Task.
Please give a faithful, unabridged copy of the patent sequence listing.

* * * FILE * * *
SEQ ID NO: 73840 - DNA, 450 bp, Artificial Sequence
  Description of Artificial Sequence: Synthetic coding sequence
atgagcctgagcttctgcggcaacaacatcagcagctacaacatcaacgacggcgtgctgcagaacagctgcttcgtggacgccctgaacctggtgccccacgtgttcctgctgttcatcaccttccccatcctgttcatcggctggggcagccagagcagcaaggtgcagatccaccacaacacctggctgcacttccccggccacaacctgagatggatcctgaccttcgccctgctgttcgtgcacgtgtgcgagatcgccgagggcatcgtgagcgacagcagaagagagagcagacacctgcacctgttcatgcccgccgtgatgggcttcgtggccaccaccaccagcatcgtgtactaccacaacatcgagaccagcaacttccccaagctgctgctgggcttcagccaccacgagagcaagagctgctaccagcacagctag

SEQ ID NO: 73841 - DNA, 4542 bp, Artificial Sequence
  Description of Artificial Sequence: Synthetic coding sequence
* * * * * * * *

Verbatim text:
SEQ ID NO: 73840 - DNA, 450 bp, Artificial Sequence
  Description of Artificial Sequence: Synthetic coding sequence
atgagcctgagcttctgcggcaacaacatcagcagctacaacatcaacgacggcgtgctgcagaacagctgcttcgtggacgccctgaacctggtgccccacgtgttcctgctgttcatcaccttccccatcctgttcatcggctggggcagccagagcagcaaggtgcagatccaccacaacacctggctgcacttccccggccacaacctgagatggatcctgaccttcgccctgctgttcgtgcacgtgtgcgagatcgccgagggcatcgtgagcgacagcagaagagagagcagacacctgcacctgttcatgcccgccgtgatgggcttcgtggccaccaccaccagcatcgtgtactaccacaacatcgagaccagcaacttccccaagctgctgctgggcttcagccaccacgagagcaagagctgctaccagcacagctag

SEQ ID NO: 73841 - DNA, 4542 bp, Artificial Sequence
  Description of Artificial Sequence: Synthetic coding sequence